Windows and Doors

Windows and Doors

The Matzo Scandal of Passover 2010 — Beware Fake Matzo…and Fake People

7 tons of fake matzo (also spelled matzah, especially by those who speak modern Hebrew) was discovered when Israeli authorities raided a factory today. No, I am not kidding, even though this sounds like a joke.
A team composed of police and representatives of the Israeli Chief Rabbinate’s Emergency Response Team (the joke begins) sped to a factory with lights and sirens (the joke gets better) where they seized what has been described as “pirate matzah“.
It’s not that I take either eating hametz (leavened products) or otherwise improperly prepared matzah lightly, but the amount of coverage about this story is striking. What does it all mean? I am not sure, but given the issues faced by citizens of the State of Israel, something is going on.
Perhaps it’s simply a welcome distraction from constant conversation about Iran, the future of Jerusalem, rising levels of poverty, etc. Or perhaps it’s a reminder that even though the majority of Israelis describe themselves as secular, that has nothing to do with their depth of attachment to those practices and traditions that really speak to them. Or more disturbingly, perhaps it reflects the contempt in which that majority is held by some who describe themselves as religious.


Apparently, the names of the rabbis who attest to the kashrut of the fake matza include many who are long dead. This would be immediately known to more traditional Jews, but not likely to be known by most in Israel.
Could it be that those who made this matzah simply don’t care if they were providing to others something which they themselves would not eat? If so, they should be more ashamed, and we should be more outrages than had they perpetrated their fraud against all people equally.
The Jewish people left Egypt as one – ‘saints’ and sinners, good people and bad, etc. If my theory about the matzah is correct, we should all take a moment to reflect on the irony of leaving Egypt as one, only to return to Israel in the 20th century and sacrifice that kind of unity in the process.
Finally, what does it even mean to call this matza “fake”? Why is it fake? Because it does not meet the standards of some rabbis? Is it fake if it meets the needs of those who will eat it with family and friends this coming night? It may not be okay for some of us to eat, but why does that make it fake?
The matzah in this case is NOT fake, it is mislabeled. The “fakes” in this case are the makers of the matzah. Their behavior, not the matzas, are the real scandal here.

  • Yaakov

    The writer accuses religious Jews, who would not themselves eat nor own chometz, of selling chometz to irreligious jews for use on Passover. However, he does not provide any evidence that the “matzo pirates” are religious. The idea is antithetical to the letter and the spirit of Torah law. The writer brings no proof for this accusation, yet he recklessly casts aspersions on the entire group of religious Jews on the basis thereof. Shame!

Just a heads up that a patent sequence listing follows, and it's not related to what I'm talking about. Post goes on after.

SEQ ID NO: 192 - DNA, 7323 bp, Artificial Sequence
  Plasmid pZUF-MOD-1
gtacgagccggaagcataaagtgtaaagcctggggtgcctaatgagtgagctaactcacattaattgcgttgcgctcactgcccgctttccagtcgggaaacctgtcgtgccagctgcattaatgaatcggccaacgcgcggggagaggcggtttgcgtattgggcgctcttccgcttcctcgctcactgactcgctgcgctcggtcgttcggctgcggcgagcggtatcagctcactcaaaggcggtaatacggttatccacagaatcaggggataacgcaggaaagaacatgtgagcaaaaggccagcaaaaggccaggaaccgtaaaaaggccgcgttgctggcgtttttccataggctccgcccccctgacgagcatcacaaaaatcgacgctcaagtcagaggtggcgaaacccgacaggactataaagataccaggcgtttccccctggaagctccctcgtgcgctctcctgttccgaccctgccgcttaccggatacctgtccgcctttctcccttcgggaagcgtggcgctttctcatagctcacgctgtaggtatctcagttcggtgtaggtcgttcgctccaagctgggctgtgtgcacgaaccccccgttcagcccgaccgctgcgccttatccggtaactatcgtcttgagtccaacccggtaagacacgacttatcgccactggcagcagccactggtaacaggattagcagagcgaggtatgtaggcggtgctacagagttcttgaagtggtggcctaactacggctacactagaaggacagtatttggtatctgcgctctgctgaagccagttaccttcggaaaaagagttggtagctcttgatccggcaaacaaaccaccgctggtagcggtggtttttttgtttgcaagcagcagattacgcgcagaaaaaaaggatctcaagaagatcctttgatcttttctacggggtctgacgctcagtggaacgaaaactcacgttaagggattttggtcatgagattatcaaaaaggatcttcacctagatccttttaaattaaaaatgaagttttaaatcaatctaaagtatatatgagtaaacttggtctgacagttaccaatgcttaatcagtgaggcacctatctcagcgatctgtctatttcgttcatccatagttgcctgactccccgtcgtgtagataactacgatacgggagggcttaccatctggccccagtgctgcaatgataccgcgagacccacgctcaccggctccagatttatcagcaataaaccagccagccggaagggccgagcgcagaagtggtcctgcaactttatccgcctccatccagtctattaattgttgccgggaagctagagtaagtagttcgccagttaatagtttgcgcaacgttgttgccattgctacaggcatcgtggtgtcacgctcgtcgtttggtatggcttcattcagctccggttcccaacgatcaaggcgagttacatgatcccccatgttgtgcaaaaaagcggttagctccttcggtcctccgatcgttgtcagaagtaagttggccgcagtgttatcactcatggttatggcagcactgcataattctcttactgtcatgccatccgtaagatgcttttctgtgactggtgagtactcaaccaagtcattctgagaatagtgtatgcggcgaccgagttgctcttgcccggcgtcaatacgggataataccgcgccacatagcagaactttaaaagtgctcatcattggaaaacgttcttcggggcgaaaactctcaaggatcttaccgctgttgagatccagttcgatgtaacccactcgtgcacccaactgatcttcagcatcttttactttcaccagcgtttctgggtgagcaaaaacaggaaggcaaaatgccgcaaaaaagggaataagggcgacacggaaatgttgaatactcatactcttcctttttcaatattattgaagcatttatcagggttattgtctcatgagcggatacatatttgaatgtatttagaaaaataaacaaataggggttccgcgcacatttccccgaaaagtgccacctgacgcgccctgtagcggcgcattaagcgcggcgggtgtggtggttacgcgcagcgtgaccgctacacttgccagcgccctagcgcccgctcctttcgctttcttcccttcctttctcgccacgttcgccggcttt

• Your Name

    The issue is religious tradition. The question is the blessing on the Matza from the supervision of the Rabbi, by which using a certain type of flour, in order to properly label it ‘Kosher Certified.’
    Expressing one’s thoughts as a writer and openingly exploring the circumference of behavioral reaction is very intelligent, especially if a topic is personally important to the writer. I beleive his final call was to inspire unity among secular, traditional and other faiths in a call to honesty with one another; not at the cost of a religious tradition, but more emphasis on the quality of human behavior.

  • Jay Kravette

    Dear Rabbi Brad,
    Correct me if I’m wrong but I believe at the time of the Exodus there were no “Jews” but the nation of Israel and the gentile nations.

  • Your Name

    The Israelites’ 400-year stay in the land of Egypt, became enslaved to the Egyptians. 400 years had passed since Joseph moved his family to Egypt……The “decendants of Abraham” had now grown to over two million strong…considered ‘Hebrews.’ The only people who believed in the one true God. A beautiful representation of God’s love and deliverance for all people.
    *Exodus from Egypt 1446 (1280)

  • Rabbi Brad

    Dear Jay,
    You are correct. Earliest mention of “Jews” is the (presumably) 3rd century BCE Book of Esther. There we find Mordechai “the Jew” and people “Judaizing”. The meaning of that term will have to await a later time — I have Passover cleaning to do! : )

  • Sherry

    Okay, I’m a bit confused about who you would considered “Fake”. If for instances, a Christian wanted to practice this reminder of what God has done for His people; would you consider them…”Fake”. I’m trying to understand about what this article is getting out and the last paragraph has confused me. Will wait patiently for the answer. :)
    May God bless you, your family, and friends on this wonderful holiday.

  • Jane Kasov

    Seven tons of matzah! Who has time to supervise and bless such an enormous quantity? Throughout the world we have ersatz in almost everything because it’s too costly and time-consuming to make things in the true way. Let’s call it trompe l’oeil matzah. Then the traditionalists will be warned away, and the modern, hurried people will buy.

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